Announcement

Collapse
No announcement yet.

I went to an auction today..

Collapse
X
 
  • Filter
  • Time
  • Show
Clear All
new posts

  • I went to an auction today..

    So-called 'surplus' sale of various stuff including a lot of workshop equipment along with commercial kitchen, entertaining and general household goods. Mostly new but a bit marked up maybe from having been on display for some time.

    I even put a bid in for an engine crane, $150, the same crane sells retails for $300 or so. Bidding started at $250 and it went for retail price, more or less.

    So why do people bother? I would always buy retail before paying the same for the same goods at an auction where there is no support, not even assurance that the goods are complete even.

    Daft!

  • #2
    It can be pretty much the same here at times as there is keener bidding for the item you want - it is with me anyway. A lot of auctions/"sales" have been picked over as well prior to the sale.

    I never see anything like as big or as often as there seems to be in the USA and the UK and Canada too.

    Comment


    • #3
      Originally posted by oldtiffie
      It can be pretty much the same here at times as there is keener bidding for the item you want - it is with me anyway. A lot of auctions/"sales" have been picked over as well prior to the sale.

      I never see anything like as big or as often as there seems to be in the USA and the UK and Canada too.
      Keep an eye out for end of project or mine site sales they do have bargains at times particularly if in a remote area , usually just serious bidders are willing to travel and arrange for freight .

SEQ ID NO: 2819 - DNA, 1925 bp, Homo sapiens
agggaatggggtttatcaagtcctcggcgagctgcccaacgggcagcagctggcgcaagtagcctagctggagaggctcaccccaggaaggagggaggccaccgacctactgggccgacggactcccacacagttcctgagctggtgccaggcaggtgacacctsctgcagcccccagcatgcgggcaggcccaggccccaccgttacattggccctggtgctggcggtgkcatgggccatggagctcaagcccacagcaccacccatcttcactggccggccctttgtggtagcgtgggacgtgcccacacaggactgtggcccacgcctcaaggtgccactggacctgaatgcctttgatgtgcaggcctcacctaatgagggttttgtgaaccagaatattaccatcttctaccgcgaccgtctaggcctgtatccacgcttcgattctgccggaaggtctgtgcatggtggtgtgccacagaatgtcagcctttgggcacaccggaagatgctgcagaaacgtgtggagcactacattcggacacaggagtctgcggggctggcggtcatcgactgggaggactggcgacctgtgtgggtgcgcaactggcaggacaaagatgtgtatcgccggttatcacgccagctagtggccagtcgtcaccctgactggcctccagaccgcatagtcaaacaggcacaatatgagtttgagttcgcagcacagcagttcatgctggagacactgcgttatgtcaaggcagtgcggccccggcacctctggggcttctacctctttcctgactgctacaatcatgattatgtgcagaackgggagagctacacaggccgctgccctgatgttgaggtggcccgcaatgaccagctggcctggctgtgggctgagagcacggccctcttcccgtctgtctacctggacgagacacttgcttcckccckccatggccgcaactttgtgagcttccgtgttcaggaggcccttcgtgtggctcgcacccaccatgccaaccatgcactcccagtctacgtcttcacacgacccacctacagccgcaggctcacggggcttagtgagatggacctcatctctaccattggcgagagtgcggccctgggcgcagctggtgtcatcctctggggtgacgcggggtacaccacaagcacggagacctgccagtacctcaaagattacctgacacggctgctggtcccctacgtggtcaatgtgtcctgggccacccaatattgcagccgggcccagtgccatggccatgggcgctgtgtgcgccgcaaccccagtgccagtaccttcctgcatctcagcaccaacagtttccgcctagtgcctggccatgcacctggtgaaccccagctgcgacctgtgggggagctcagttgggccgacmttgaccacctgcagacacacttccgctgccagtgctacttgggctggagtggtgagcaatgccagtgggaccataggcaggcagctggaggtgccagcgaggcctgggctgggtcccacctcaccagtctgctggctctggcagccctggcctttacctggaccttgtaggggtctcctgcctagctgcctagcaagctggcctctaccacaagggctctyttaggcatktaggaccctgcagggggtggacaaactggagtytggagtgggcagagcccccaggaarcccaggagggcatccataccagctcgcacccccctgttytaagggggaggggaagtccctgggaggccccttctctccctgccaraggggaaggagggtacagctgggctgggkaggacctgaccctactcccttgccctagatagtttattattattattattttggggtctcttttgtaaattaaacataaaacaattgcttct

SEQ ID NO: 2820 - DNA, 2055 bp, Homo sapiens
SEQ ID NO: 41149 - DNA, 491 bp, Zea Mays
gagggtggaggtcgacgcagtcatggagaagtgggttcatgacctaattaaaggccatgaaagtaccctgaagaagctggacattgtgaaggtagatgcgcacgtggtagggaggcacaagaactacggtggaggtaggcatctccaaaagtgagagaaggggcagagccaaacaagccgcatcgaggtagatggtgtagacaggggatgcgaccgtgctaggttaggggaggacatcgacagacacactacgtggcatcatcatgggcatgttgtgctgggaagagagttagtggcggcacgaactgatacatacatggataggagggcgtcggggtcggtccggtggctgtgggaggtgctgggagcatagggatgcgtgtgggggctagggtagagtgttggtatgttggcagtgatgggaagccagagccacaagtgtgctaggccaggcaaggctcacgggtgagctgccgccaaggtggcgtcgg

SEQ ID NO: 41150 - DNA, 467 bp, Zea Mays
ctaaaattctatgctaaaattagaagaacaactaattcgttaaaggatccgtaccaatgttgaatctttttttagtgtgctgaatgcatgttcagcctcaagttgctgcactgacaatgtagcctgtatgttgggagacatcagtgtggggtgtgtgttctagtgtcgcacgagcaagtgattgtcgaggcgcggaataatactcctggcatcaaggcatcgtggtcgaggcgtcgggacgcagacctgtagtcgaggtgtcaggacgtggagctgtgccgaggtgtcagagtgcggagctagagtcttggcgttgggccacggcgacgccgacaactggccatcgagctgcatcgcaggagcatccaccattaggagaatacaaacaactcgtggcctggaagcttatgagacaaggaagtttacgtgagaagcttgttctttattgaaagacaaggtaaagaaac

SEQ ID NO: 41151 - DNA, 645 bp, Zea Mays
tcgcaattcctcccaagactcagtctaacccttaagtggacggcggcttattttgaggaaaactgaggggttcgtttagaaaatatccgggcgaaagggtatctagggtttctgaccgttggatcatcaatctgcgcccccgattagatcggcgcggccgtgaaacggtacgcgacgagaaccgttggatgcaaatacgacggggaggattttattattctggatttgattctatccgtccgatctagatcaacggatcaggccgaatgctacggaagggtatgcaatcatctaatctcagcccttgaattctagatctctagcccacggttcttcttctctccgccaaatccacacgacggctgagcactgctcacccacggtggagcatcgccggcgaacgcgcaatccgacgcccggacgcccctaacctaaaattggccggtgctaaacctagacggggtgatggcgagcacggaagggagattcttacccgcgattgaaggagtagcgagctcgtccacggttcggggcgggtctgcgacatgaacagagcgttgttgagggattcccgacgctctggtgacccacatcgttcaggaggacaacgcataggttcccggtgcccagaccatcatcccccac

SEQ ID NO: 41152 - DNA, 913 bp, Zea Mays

Michael

      Comment


      • #4
        When it sells for near new price or more it's usually because the bidders don't know the actual retail price or want that article real bad.

        When I go to auctions I try to know what I want and what it's worth and I put a limit on it and stop there.

        On ebay I decide what my top bid is and make that bid and let the site do my bidding up to my max and I am out if it goes higher. I just don't understand the logic of waiting to the last minute and bidding. Either you know what you will pay or you don't and you just like to bid.
        It's only ink and paper

        Comment


        • #5
          Yep, knowing the new price for an item at an auction sale, inventory reduction sale or the local flea market can save you money.
          At an auction sale, I take into account the wear and tear on an item and deduct for it. I may not win but I have at times push someone into a bidding war on a piece that pushed it above new price. Then I would drop out, I did that once and then bought the same item six months later at about 1/3 of what they paid for it.
          At an inventory reduction sale, I will try not to bid until I study the crowd a little, sometimes it is not even worth hanging around to bid as people will bid everything up to prices the company wanted in the store.
          Flea markets are sometimes the best when it comes to deals, but you need to be able to dicker with the owners to get what you are willing to pay.
          I dickered on a piece for a friends car at a flea market one time, he had set a budget on what he was willing to pay and the owner of the part wanted twice that, I found it and made an offer on it the owner laughed at me, I told him see you later, and he would be hauling the part home, I stopped at his stand at the end of the last day and got it for what my friend was willing to pay. I can not blame the guy for wanting to hold out for a higher price then I was willing to pay, but he was not bullheaded enough to stick to his price when I was the only person to make an offer on the part over the whole weekend.
          Dan.

          Comment


          • #6
            Go to a police auction if you want to see real ridiculous prices for stuff.